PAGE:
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Is There a Link Between Hearing Loss & Rheumatoid Arthritis?

Hearing loss and rheumatoid arthritis (RA) often occur together. People with RA have an increased risk of hearing loss, especially sensorineural hearing loss.

Sensorineural hearing loss is hearing loss due to damage in the inner ear. This type of hearing loss affects the ability of the brain to interpret sound signals from the ear. Several different factors may contribute to hearing loss in RA.

For instance, damage to the ear from arthritis medication may happen when a person uses these drugs at high dosages for a prolonged period, as they reduce blood supply to the inner ear. The same inflammation and immune response that attack the joints may also damage the inner ear in some people with arthritis.

In this article, we provide more information about RA and hearing loss, including the causes and treatment options. We also discuss other autoimmune diseases that may affect a person’s hearing.

Can RA Cause Hearing Problems?

RA may increase the risk of both conductive and sensorineural hearing loss.

Conductive hearing loss happens when there is damage to the outer and middle portions of the ear, making it difficult for the ear to conduct sound.

Sensorineural hearing loss refers to damage that is deeper in the ear, affecting the inner ear and nerves. This type of hearing loss disrupts the brain’s ability to interpret sound.

A person can also experience mixed hearing loss, which means that they have both types of hearing impairment.

A 2016 review states that studies have reported various rates of sensorineural hearing loss in people with RA, ranging from 25% to 72%.

An earlier 2001 study compared the rates of this type of hearing loss between people with RA and those without this condition. The researchers found that sensorineural hearing loss affected both ears in 60% of participants with RA, compared with 34.29% of those without RA.

Researchers do not yet fully understand how or why RA might cause hearing loss.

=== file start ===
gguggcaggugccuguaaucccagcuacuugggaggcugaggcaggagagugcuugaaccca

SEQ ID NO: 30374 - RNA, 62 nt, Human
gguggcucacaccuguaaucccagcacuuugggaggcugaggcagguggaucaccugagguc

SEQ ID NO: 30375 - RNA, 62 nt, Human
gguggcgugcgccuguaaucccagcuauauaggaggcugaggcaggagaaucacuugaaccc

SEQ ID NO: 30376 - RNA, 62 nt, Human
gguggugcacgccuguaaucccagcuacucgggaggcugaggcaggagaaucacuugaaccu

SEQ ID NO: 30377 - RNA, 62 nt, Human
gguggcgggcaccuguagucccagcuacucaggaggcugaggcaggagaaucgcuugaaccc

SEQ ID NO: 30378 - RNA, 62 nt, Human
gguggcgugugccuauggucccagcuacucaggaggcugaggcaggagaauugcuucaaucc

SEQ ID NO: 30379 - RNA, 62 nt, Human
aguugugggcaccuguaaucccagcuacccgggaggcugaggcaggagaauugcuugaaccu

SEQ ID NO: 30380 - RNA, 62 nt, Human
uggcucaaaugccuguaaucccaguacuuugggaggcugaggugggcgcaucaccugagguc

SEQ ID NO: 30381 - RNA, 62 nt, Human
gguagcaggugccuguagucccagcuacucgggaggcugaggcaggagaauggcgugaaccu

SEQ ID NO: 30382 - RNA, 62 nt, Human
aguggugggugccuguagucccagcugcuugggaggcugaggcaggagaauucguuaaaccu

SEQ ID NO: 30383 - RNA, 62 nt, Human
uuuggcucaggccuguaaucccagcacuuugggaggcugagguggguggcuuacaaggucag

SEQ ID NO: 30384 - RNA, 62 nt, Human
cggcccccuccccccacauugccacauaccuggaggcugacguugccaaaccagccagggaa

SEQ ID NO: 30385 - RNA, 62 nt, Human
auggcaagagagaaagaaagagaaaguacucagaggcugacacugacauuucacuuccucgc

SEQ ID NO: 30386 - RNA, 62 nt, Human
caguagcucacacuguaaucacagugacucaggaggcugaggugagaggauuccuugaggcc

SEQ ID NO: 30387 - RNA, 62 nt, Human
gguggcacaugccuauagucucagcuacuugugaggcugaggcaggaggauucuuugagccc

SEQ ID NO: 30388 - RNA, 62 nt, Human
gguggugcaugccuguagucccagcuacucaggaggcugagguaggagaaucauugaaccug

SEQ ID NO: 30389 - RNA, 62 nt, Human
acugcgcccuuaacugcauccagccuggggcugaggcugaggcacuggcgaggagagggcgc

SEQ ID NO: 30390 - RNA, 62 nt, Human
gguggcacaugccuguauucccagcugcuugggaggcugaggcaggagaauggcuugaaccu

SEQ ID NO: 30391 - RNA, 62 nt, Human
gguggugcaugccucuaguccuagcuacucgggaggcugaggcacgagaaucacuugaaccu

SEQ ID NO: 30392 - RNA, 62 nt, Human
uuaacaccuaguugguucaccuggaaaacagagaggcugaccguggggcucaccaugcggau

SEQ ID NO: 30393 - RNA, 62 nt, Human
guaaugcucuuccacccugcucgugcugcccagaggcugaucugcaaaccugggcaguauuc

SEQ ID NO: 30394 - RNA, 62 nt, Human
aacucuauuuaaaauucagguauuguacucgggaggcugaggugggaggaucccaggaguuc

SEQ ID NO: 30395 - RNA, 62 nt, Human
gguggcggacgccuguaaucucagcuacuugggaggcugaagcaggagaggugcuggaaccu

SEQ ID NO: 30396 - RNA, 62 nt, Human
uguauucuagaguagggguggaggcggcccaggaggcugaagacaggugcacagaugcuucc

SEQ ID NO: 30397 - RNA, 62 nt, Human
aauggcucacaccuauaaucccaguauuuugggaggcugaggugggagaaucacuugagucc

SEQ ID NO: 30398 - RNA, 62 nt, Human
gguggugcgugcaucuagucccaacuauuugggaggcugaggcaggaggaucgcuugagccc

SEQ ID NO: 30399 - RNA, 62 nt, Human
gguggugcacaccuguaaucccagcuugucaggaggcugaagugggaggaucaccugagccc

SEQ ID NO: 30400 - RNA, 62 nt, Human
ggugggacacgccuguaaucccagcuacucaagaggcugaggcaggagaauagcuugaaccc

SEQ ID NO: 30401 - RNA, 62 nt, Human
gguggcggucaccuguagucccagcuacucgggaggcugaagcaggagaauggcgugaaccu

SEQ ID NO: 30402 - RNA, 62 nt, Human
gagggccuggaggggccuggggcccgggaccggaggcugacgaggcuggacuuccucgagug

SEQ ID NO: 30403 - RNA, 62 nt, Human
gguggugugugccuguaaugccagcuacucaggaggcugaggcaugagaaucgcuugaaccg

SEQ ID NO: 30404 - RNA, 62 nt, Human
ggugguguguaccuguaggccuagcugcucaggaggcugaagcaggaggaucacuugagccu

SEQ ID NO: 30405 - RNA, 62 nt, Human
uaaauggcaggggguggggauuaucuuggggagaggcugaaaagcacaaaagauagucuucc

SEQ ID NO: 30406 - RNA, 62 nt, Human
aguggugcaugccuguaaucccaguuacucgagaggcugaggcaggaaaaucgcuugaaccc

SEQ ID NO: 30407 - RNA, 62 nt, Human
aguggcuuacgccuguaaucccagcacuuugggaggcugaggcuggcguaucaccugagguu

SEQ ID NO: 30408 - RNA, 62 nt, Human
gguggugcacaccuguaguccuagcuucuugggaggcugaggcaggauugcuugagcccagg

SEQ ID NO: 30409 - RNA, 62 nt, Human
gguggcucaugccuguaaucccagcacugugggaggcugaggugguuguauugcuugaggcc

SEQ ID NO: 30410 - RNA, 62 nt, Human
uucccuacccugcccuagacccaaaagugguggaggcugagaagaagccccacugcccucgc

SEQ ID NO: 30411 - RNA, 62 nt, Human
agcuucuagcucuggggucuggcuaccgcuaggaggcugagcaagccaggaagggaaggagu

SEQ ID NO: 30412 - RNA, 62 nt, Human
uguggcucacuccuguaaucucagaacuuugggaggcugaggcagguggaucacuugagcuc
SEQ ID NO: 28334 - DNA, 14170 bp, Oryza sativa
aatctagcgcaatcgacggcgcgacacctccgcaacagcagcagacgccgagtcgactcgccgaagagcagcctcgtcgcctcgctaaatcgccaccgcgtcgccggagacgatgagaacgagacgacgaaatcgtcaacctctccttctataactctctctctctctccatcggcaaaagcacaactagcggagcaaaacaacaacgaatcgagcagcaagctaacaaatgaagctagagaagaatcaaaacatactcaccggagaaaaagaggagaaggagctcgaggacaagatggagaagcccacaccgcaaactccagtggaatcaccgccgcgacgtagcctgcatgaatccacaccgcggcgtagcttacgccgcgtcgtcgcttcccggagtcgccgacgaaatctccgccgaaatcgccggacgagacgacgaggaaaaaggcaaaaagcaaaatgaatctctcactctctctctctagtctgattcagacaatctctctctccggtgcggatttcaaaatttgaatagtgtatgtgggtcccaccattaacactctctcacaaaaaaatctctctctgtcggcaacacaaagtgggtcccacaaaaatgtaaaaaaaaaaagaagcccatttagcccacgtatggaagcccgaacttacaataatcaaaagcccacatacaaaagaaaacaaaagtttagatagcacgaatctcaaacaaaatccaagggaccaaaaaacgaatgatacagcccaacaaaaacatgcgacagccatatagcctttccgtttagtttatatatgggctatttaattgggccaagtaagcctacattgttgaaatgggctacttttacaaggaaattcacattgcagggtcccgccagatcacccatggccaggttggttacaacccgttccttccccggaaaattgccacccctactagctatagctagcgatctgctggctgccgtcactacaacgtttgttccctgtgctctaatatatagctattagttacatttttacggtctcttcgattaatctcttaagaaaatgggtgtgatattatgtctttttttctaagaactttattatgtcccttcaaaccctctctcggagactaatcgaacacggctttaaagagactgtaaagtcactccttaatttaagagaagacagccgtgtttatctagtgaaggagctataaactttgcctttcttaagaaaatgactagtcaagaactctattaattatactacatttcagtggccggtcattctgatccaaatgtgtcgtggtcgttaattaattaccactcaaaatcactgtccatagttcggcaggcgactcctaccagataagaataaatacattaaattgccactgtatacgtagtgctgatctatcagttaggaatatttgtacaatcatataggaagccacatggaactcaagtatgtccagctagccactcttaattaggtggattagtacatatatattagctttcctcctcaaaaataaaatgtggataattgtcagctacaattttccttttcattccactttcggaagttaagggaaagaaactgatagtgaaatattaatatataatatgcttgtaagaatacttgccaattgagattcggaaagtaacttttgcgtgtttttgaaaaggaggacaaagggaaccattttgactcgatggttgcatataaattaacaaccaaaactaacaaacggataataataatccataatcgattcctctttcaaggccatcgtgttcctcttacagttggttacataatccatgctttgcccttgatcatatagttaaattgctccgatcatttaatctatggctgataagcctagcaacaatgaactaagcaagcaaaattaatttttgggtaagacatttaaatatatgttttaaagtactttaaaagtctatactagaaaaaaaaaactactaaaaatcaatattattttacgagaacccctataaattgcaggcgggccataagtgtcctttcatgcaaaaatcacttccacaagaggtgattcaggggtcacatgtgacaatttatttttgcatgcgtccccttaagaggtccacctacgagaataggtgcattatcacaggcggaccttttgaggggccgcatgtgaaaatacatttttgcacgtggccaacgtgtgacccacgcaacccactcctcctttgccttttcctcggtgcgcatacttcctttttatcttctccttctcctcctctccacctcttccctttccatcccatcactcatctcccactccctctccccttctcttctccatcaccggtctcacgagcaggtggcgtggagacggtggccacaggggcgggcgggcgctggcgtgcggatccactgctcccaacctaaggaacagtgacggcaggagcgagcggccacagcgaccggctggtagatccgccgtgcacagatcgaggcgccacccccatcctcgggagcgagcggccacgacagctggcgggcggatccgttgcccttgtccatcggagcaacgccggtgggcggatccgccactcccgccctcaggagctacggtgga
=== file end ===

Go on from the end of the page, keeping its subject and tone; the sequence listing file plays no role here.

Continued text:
However, some potential explanations include:

Environmental risk factors

Smoking, exposure to loud noises, and alcohol may increase the risk of hearing loss in all people, including those with RA. Smoking is also a risk factor for RA itself.

There is a lack of data assessing whether the effects of alcohol or exposure to loud noises are different in people with RA, so it is unclear how those environmental factors might interact with the disease.

RA medications

Various studies have linked over-the-counter drugs, such as ibuprofen, to hearing loss. For example, a 2012 study that followed 62,261 women who participated in the Nurses’ Health Study II found a correlation between the regular use of ibuprofen or acetaminophen — using it on 2 days or more each week — and hearing loss. There was no correlation between aspirin and hearing loss.

Experts suspect that the reason for this link is that these pain relievers reduce blood flow to the ears. If this is the case, the long-term use of certain pain relievers may damage hearing in some people.

People with RA may also take antibiotics to treat infections, especially when they use immunosuppressants that increase infection risk. Some antibiotics, including streptomycin and neomycin, may also increase hearing loss risk.

RA-related ear damage

As with other autoimmune diseases, RA causes the body to attack healthy tissue. It may damage tissue in the ears or nerves and affect a person’s hearing.

Rheumatoid nodules, which are firm lumps that develop under the skin, may damage the middle and outer portions of the ear, causing conductive hearing loss that makes it difficult for the ear to conduct sound. Chronic inflammation may also damage nerve cells in the inner ear, making it hard for the ear to send signals to the brain or for the brain to interpret these signals.